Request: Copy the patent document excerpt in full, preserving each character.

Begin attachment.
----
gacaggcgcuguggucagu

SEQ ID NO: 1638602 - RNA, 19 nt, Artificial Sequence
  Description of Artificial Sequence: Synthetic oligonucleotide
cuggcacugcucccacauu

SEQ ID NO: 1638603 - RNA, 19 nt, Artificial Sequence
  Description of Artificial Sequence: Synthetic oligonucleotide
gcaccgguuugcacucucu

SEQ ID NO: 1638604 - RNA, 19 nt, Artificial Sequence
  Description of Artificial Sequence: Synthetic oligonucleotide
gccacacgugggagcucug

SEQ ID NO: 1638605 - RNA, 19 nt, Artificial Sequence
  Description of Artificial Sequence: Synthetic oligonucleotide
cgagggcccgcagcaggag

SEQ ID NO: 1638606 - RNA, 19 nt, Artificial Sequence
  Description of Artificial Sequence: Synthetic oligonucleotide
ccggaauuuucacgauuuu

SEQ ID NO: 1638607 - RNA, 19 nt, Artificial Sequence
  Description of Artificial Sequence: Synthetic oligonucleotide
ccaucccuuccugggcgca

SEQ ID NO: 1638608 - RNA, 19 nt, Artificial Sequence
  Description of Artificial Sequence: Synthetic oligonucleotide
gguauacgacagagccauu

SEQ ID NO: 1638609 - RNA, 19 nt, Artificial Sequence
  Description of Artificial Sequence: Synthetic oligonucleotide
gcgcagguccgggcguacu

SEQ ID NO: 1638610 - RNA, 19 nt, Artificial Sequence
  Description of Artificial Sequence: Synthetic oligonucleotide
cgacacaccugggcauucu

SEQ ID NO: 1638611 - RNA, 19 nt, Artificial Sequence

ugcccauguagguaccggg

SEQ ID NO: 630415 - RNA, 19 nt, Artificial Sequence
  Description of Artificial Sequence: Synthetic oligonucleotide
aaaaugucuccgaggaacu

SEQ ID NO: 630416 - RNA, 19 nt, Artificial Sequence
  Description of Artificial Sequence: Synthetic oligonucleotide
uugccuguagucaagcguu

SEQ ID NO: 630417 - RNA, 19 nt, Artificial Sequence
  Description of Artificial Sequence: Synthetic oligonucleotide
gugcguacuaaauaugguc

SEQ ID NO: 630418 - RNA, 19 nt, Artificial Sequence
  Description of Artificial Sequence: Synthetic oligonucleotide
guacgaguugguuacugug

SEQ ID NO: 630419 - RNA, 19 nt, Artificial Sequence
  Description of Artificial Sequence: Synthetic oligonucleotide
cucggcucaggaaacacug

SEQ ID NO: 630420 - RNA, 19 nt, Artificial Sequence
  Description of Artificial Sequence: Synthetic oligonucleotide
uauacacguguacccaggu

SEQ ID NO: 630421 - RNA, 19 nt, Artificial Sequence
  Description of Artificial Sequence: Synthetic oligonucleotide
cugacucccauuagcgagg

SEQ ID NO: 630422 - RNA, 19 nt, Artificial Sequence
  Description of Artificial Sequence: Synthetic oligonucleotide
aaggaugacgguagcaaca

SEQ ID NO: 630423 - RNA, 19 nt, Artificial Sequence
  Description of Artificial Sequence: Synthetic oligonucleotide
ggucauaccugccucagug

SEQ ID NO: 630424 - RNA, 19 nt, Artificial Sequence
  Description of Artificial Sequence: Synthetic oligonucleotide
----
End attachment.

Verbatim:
gacaggcgcuguggucagu

SEQ ID NO: 1638602 - RNA, 19 nt, Artificial Sequence
  Description of Artificial Sequence: Synthetic oligonucleotide
cuggcacugcucccacauu

SEQ ID NO: 1638603 - RNA, 19 nt, Artificial Sequence
  Description of Artificial Sequence: Synthetic oligonucleotide
gcaccgguuugcacucucu

SEQ ID NO: 1638604 - RNA, 19 nt, Artificial Sequence
  Description of Artificial Sequence: Synthetic oligonucleotide
gccacacgugggagcucug

SEQ ID NO: 1638605 - RNA, 19 nt, Artificial Sequence
  Description of Artificial Sequence: Synthetic oligonucleotide
cgagggcccgcagcaggag

SEQ ID NO: 1638606 - RNA, 19 nt, Artificial Sequence
  Description of Artificial Sequence: Synthetic oligonucleotide
ccggaauuuucacgauuuu

SEQ ID NO: 1638607 - RNA, 19 nt, Artificial Sequence
  Description of Artificial Sequence: Synthetic oligonucleotide
ccaucccuuccugggcgca

SEQ ID NO: 1638608 - RNA, 19 nt, Artificial Sequence
  Description of Artificial Sequence: Synthetic oligonucleotide
gguauacgacagagccauu

SEQ ID NO: 1638609 - RNA, 19 nt, Artificial Sequence
  Description of Artificial Sequence: Synthetic oligonucleotide
gcgcagguccgggcguacu

SEQ ID NO: 1638610 - RNA, 19 nt, Artificial Sequence
  Description of Artificial Sequence: Synthetic oligonucleotide
cgacacaccugggcauucu

SEQ ID NO: 1638611 - RNA, 19 nt, Artificial Sequence

ugcccauguagguaccggg

SEQ ID NO: 630415 - RNA, 19 nt, Artificial Sequence
  Description of Artificial Sequence: Synthetic oligonucleotide
aaaaugucuccgaggaacu

SEQ ID NO: 630416 - RNA, 19 nt, Artificial Sequence
  Description of Artificial Sequence: Synthetic oligonucleotide
uugccuguagucaagcguu

SEQ ID NO: 630417 - RNA, 19 nt, Artificial Sequence
  Description of Artificial Sequence: Synthetic oligonucleotide
gugcguacuaaauaugguc

SEQ ID NO: 630418 - RNA, 19 nt, Artificial Sequence
  Description of Artificial Sequence: Synthetic oligonucleotide
guacgaguugguuacugug

SEQ ID NO: 630419 - RNA, 19 nt, Artificial Sequence
  Description of Artificial Sequence: Synthetic oligonucleotide
cucggcucaggaaacacug

SEQ ID NO: 630420 - RNA, 19 nt, Artificial Sequence
  Description of Artificial Sequence: Synthetic oligonucleotide
uauacacguguacccaggu

SEQ ID NO: 630421 - RNA, 19 nt, Artificial Sequence
  Description of Artificial Sequence: Synthetic oligonucleotide
cugacucccauuagcgagg

SEQ ID NO: 630422 - RNA, 19 nt, Artificial Sequence
  Description of Artificial Sequence: Synthetic oligonucleotide
aaggaugacgguagcaaca

SEQ ID NO: 630423 - RNA, 19 nt, Artificial Sequence
  Description of Artificial Sequence: Synthetic oligonucleotide
ggucauaccugccucagug

SEQ ID NO: 630424 - RNA, 19 nt, Artificial Sequence
  Description of Artificial Sequence: Synthetic oligonucleotide